First of all, please note that this mail expresses only my personal view. I am not a layer, nor a member of OSI or FSF. I apologize if I say something wrong.

Guilherme C. Hazan wrote:
Hi OSI folks,

Just to abuse a little from your patience.

Since i already misunderstood the concept of "open-source" (which does not
only means source-code-available, but also requires-free-distribution), are
there any other concepts behind "free software", except that they are free
of charge?

Be careful: free software does not mean free of charge. You can sell your copies of the software. What requires free software, as well as open-source, is that you give the possibility to your customer to freely distribute the your software, with or without modifications. This also implies that the customer must have access to the source. Free/open-source software also gives the right to use the software without restrictions (of time, number of machines, activity, country,...). The terms free software and open source are very close. Free software express the ideology of the Free Software Foundation: freedom in software is ethically good while proprietary software are made by bad guys/girls. Open source tries to be more pragmatic: open-source softwares are usually better (more stable, more performant) than proprietary ones, and economically viable. Moreover, the open-source definition is clear and the proposed license, the OSL (Open Software Licence) is truly a license, not an ideological text as the GPL.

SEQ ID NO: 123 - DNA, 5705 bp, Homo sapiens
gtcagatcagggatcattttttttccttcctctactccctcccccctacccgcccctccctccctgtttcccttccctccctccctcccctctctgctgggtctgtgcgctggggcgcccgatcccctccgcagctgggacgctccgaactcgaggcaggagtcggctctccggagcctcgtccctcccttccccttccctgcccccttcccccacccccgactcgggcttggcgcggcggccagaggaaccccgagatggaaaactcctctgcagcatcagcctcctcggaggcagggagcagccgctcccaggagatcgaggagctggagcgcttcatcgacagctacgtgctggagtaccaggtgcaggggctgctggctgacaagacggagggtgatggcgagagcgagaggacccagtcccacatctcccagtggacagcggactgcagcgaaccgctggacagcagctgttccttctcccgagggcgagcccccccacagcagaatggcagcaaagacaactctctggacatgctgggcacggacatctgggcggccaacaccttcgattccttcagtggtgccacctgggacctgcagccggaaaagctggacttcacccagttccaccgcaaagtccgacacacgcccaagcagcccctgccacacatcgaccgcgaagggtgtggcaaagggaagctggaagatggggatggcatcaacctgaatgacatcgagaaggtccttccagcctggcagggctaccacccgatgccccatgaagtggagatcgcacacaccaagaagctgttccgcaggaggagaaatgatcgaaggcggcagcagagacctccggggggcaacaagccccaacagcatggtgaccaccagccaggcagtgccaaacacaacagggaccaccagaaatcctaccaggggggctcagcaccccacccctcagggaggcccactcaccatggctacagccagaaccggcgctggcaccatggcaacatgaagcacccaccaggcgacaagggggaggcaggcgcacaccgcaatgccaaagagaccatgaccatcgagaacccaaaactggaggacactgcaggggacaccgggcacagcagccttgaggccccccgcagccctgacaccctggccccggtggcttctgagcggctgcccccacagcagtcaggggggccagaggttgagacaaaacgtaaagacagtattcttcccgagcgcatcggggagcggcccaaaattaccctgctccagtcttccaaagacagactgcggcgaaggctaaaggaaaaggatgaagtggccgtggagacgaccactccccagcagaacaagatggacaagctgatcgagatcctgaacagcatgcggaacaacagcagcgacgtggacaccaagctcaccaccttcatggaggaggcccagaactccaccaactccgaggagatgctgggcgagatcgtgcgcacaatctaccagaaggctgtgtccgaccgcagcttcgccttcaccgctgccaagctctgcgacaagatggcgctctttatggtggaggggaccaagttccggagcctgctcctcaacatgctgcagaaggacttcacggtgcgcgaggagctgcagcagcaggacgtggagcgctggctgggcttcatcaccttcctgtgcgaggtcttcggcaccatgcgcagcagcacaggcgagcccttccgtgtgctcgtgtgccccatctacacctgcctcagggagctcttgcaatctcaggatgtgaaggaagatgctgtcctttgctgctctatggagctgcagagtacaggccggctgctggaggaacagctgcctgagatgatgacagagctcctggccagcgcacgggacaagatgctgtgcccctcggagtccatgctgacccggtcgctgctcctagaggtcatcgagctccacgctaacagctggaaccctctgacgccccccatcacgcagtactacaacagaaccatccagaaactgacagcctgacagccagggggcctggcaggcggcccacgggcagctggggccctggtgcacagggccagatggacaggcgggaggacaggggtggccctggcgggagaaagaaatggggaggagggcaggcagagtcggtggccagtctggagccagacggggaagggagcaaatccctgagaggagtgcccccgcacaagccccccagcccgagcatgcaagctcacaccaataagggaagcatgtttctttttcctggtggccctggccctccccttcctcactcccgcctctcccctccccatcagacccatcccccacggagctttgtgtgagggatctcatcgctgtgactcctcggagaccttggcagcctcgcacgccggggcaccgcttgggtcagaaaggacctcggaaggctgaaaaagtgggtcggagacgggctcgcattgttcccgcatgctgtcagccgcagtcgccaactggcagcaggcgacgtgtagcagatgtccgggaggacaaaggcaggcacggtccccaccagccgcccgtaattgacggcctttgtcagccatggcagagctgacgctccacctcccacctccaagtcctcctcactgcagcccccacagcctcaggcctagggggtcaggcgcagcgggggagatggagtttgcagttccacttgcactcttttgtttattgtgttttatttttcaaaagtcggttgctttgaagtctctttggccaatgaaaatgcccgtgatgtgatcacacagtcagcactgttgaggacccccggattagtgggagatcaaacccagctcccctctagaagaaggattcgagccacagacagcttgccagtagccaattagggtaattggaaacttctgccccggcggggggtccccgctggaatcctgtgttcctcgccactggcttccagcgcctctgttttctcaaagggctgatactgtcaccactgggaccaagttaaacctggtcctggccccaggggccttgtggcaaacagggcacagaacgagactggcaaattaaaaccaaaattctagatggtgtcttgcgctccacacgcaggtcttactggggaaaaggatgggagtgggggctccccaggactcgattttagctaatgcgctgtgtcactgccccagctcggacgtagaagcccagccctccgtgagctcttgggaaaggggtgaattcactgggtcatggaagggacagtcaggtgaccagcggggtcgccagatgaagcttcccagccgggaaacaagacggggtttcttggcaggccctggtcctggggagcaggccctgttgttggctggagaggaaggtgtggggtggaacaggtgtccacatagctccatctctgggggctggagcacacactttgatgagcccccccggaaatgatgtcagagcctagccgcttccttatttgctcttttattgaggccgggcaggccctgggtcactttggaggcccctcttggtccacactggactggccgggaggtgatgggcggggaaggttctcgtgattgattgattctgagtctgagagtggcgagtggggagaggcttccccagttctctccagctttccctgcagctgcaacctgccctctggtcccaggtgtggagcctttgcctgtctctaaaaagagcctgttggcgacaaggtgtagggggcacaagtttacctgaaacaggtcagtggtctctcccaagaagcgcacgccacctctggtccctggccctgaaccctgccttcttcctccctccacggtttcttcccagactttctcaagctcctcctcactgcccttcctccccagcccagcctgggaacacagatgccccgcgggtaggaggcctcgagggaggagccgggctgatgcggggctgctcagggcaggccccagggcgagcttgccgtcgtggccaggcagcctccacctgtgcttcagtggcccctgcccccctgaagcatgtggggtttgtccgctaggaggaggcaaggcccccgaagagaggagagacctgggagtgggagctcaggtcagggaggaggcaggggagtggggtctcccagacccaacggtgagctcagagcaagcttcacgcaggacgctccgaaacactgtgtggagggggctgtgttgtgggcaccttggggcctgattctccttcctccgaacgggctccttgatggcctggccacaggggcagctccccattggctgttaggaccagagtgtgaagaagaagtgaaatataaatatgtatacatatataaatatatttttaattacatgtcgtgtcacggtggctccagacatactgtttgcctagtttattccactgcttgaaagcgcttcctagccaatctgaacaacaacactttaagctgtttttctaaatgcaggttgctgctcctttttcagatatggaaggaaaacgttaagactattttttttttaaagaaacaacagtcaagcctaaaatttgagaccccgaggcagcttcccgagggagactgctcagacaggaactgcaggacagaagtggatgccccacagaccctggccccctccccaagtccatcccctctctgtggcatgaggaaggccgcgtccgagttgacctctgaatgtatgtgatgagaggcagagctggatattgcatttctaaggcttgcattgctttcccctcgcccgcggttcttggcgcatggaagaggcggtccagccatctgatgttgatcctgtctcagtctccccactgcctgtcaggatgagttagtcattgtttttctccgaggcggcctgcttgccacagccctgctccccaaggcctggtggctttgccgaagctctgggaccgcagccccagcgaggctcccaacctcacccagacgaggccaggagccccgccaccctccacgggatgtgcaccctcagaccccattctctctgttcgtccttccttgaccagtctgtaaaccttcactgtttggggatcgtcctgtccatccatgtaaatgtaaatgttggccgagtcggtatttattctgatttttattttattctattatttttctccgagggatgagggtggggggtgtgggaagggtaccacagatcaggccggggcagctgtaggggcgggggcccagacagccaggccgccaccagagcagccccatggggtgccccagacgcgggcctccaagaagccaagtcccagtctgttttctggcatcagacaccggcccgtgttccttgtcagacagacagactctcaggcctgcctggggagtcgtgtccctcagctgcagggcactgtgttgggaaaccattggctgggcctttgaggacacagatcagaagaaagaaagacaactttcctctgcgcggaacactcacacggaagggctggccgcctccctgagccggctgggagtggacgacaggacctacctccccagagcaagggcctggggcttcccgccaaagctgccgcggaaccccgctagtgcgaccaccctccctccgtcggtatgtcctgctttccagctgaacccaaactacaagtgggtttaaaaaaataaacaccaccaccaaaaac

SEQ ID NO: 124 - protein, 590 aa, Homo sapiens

I suggest that your read the chapter "The Open Source Definition", written by Bruce Perens for the book "Open Sources: voice of an open source revolution":
Open Sources: Voices from the Open Source Revolution
as well as

Free software is define by Richard Stallman in this page:

2nd question: if i want to say that my software is "open source" but not
"freely distributed", which term must i use?

I would suggest the term "Shared source", as defined by Microsoft:
Please note that is not the best place to discuss about shared source, since it definitely not open-source. Just look at the comment made by Eric Raymond:



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